“We are branching out beyond LNG in other gases, such as ethane, and also broadening in line with areas where Samsung operate.”

The power industry is the firm’s next target, as it will use its expertise in areas such as Combined Cycle Gas Turbines (CCGTs) an efficient energy technology that combines a gas-fired turbine with a steam turbine.

“In all of our work it’s a case of us doing the engineering and design work and when it comes to procurement and project management that is where Samsung comes in. We are in effect a technical division supporting Samsung,” explains Mr Taylor.

Whessoe is also given the freedom to sell itself to other companies if it is involved in a project that Samsung isn’t interested in taking forward. The design of an LNG tank on the tiny Greek island Revithoussa, is one such example. The Greece deal will expand a facility which Whessoe originally worked on about 15 years ago.

Less than 10 per cent of the work Wheesoe does is for the UK. Most of its efforts are in the Far East, and India. It is also looking to do some work in the Middle East and is about to bid to design an LNG tank in Canada.

Whessoe’s previous owners seldom visited the Darlington site, but Mr Taylor speaks highly of the support he gets from the Korean parent company.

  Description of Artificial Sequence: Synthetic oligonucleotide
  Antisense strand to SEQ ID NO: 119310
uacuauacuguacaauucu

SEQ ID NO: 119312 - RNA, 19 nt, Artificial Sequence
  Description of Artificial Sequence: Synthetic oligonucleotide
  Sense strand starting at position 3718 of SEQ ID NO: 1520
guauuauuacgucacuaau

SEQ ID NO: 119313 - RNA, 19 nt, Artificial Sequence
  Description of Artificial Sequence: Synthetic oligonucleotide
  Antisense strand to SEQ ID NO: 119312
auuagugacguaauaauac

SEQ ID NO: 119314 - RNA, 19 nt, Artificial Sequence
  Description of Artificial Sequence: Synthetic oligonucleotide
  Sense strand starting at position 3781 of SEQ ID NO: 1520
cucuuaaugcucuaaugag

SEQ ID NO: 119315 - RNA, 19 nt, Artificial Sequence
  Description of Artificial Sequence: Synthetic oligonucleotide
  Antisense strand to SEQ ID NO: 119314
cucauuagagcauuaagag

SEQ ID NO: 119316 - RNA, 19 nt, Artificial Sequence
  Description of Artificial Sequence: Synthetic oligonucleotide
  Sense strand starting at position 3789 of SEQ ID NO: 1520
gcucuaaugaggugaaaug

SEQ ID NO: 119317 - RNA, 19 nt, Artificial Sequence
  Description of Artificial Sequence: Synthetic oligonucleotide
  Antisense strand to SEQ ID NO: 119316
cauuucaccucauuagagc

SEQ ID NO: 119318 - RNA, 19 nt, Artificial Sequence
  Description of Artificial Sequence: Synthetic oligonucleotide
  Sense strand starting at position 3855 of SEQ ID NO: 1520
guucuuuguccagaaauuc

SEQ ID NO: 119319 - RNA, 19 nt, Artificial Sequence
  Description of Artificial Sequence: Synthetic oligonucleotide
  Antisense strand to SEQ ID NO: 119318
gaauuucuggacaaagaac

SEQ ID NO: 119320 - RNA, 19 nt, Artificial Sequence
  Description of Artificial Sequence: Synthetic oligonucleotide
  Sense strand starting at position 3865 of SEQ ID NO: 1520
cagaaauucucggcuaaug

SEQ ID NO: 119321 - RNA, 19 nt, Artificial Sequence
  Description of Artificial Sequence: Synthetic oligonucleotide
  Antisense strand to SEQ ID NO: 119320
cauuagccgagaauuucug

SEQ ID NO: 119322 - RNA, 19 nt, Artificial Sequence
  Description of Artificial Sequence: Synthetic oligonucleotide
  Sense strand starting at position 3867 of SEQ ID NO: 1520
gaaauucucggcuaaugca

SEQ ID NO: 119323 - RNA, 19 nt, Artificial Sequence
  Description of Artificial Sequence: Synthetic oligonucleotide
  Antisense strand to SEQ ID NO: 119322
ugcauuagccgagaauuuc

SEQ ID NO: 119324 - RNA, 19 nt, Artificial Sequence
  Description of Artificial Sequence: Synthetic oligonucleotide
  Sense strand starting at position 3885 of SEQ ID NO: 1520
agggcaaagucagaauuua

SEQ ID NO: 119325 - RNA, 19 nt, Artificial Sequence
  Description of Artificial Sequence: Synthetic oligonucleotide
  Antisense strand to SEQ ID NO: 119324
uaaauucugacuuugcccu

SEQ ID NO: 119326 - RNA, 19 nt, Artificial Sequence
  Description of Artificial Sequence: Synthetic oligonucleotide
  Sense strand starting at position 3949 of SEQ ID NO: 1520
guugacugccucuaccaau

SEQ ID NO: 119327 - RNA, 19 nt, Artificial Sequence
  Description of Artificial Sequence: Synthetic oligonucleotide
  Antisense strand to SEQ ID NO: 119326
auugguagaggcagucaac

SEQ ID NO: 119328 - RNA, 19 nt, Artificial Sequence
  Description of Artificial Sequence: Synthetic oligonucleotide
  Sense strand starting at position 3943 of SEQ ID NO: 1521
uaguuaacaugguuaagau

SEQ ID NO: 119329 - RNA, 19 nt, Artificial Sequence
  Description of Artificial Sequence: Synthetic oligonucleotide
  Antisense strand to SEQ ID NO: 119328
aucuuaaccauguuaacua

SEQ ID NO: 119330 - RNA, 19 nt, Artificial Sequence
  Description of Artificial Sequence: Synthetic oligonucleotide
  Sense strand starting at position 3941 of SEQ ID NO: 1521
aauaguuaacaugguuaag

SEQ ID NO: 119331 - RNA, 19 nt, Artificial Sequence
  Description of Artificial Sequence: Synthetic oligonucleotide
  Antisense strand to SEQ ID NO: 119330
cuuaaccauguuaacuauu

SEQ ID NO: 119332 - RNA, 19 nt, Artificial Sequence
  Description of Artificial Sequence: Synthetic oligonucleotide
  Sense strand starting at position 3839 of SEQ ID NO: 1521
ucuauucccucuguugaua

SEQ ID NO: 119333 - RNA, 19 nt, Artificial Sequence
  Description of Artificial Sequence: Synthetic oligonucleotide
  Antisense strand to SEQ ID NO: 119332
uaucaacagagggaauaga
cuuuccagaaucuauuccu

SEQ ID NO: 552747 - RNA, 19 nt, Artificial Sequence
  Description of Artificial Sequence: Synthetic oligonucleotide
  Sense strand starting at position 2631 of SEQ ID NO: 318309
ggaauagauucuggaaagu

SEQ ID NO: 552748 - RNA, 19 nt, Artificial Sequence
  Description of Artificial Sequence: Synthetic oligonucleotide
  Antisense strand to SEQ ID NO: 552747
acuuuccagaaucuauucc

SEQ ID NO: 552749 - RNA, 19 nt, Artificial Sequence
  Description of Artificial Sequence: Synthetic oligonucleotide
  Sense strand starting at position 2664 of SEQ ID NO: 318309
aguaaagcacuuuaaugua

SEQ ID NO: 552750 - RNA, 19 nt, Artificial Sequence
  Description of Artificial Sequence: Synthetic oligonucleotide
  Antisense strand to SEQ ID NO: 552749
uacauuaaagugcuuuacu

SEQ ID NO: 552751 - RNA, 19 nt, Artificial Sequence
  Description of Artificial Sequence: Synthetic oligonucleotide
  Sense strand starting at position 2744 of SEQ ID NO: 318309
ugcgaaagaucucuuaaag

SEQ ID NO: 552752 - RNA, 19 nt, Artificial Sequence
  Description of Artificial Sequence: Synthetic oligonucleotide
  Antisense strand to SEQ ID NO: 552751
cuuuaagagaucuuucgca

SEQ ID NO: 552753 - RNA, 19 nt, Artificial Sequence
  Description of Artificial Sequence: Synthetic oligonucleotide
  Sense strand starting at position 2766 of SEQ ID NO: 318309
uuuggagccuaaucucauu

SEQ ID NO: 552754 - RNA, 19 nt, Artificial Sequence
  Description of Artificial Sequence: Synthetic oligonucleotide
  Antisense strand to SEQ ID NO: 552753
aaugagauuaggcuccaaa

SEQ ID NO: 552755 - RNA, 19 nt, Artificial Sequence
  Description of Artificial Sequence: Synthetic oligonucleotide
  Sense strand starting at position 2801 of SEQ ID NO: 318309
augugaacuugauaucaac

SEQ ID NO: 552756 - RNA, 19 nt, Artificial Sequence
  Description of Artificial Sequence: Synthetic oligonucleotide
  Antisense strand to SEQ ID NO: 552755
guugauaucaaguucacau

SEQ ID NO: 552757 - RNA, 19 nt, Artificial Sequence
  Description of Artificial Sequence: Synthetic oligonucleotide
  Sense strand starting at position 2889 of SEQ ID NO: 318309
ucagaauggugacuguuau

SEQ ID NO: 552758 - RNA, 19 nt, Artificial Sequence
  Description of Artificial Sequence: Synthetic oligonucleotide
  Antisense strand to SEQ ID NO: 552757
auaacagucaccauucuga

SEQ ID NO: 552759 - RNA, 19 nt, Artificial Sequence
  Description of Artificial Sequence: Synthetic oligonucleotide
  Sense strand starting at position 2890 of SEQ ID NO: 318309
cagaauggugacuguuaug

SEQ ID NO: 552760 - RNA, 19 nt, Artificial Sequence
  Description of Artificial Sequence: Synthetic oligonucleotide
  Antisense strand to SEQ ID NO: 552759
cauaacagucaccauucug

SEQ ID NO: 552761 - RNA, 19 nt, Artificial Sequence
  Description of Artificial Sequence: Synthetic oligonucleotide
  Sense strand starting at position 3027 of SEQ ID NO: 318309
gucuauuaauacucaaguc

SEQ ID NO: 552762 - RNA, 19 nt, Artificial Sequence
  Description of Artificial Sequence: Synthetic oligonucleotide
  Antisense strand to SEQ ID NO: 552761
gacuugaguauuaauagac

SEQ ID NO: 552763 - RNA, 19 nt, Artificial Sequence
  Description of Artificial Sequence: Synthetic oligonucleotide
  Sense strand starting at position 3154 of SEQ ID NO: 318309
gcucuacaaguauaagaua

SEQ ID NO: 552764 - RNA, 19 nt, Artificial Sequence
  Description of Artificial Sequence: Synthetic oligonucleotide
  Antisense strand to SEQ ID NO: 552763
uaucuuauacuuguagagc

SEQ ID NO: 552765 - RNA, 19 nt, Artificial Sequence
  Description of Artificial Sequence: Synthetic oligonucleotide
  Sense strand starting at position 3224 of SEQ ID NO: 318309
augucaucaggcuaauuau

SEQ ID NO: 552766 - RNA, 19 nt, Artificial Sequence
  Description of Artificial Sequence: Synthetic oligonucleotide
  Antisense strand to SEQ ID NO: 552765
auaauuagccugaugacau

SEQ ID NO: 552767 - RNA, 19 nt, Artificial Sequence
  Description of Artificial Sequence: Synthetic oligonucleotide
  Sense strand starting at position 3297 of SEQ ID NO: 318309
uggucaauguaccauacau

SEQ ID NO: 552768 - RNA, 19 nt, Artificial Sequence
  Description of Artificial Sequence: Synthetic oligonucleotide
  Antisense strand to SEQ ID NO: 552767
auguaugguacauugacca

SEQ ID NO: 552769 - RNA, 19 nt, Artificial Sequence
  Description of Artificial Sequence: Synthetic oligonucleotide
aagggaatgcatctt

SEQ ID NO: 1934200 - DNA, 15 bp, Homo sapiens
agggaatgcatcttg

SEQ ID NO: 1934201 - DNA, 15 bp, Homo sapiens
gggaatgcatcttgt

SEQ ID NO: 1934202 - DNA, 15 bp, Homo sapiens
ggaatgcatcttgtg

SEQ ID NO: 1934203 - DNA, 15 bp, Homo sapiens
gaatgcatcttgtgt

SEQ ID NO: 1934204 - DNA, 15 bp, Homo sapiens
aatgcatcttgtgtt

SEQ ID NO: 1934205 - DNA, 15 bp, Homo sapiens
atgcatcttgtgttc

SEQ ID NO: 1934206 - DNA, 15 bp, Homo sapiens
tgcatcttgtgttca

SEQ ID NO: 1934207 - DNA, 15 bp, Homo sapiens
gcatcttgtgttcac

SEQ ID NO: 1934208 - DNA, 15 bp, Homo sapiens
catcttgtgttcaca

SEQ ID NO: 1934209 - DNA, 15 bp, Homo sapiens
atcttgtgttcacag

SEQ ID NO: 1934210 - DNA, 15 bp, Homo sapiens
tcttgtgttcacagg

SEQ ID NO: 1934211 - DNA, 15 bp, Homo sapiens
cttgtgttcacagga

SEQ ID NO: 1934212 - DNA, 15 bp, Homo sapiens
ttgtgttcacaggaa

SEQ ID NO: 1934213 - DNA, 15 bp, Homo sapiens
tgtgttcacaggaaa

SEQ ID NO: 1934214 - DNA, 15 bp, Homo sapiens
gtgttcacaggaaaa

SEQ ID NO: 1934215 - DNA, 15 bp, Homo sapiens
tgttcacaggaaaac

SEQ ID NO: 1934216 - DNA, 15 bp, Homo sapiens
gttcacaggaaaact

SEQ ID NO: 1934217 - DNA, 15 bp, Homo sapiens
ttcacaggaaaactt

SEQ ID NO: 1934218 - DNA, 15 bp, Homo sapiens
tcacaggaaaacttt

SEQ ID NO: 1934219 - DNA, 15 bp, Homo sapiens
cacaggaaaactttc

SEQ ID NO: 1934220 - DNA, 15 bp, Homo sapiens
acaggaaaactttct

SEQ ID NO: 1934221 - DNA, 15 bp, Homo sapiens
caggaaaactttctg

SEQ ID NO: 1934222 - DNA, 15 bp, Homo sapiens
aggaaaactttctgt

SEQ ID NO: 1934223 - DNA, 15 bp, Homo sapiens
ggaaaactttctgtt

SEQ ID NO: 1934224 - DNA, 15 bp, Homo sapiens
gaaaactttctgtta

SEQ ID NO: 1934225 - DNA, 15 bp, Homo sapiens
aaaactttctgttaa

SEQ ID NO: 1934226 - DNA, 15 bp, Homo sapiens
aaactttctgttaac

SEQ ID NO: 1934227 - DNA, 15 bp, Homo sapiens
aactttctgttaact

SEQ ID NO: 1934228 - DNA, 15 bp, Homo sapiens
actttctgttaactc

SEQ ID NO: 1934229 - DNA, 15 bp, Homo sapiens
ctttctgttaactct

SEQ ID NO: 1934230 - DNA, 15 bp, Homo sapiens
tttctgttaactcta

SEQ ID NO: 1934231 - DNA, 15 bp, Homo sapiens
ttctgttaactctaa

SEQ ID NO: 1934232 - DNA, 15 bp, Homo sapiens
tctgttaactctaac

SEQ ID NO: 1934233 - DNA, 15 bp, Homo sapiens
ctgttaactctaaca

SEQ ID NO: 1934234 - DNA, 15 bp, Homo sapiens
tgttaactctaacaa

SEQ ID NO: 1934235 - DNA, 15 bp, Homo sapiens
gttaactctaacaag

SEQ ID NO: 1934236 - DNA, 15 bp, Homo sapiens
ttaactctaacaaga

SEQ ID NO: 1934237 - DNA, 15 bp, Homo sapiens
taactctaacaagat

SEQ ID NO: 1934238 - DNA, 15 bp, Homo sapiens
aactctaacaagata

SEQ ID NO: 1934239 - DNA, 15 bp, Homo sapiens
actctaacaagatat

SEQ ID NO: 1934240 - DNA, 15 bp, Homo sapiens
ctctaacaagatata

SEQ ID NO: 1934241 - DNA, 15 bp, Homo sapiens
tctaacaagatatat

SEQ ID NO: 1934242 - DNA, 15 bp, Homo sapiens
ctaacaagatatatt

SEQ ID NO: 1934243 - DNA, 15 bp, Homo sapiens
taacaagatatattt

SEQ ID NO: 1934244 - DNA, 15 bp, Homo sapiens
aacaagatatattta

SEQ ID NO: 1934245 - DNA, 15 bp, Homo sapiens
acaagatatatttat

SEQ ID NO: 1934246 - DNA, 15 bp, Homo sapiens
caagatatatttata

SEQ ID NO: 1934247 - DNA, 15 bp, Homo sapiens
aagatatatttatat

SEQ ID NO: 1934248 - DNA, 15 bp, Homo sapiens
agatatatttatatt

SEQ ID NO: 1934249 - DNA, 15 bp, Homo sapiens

Samsung has invested heavily in 3D plant design systems to ensure the North-East business can compete in the global arena. The Morton Palms offices recently hosted a visit from Mr Chi Hun Choi, chief executive of Samsung C&T.

Mr Taylor adds: “We presented to him how we saw Whessoe progressing and the growth potential. He was so impressed that when he went back to head office he called in all of his engineering team and said ‘I want you to come up with a plant for how we are going to better use Whessoe.’

“That is about as good an endorsement about the Whessoe business and that Samsung want to continue with us and grow our capability. They don’t see this as a short term investment. It is part of their long term investment strategy.”

Since the visit Mr Taylor’s has been busy fielding calls from South Korea. Darlington may consist a tiny dot on the map of the mighty Samsung empire, but it is not being ignored.

“We bring something to the Samsung C&T brand that they don’t have. That is the key. We are focussing efforts on continued growth into 2016. This needs to be sustainable,” says Mr Taylor, whose CV takes in almost every aspect of Tees Valley industry.

After his start in iron and steel he moved into petrochemicals at ICI, where he worked in design before moving into manufacturing at BASF Seal Sands.

That was followed by a spell at the Wilton site, which gave him experience of plant management. He was at Mowlem engineering at Bilingham before it was sold off to Carillion. An 11-year spell at Amec included time as business unit director after which he transferred to London to work in offshore wind at Dong Energy.

Mr Taylor joined Whessoe as engineering director at last summer. He has been interim CEO since Mr Kim left at the end of the year, a role that was made permanent at the start of this month.

He concludes: "It is an honour to be in charge here. This firm has an amazing history and we have staff with more than 40 years experience with Whessoe.

“I am relatively new to the LNG world. Someone asked me the other day how specialised this industry is. I told them to imagine designing a tank big enough to hold two jumbo jets, on a beach in a seismically active area, with gas liquefied at minus 165 degrees, and it must not leak. That is how specialised it is.”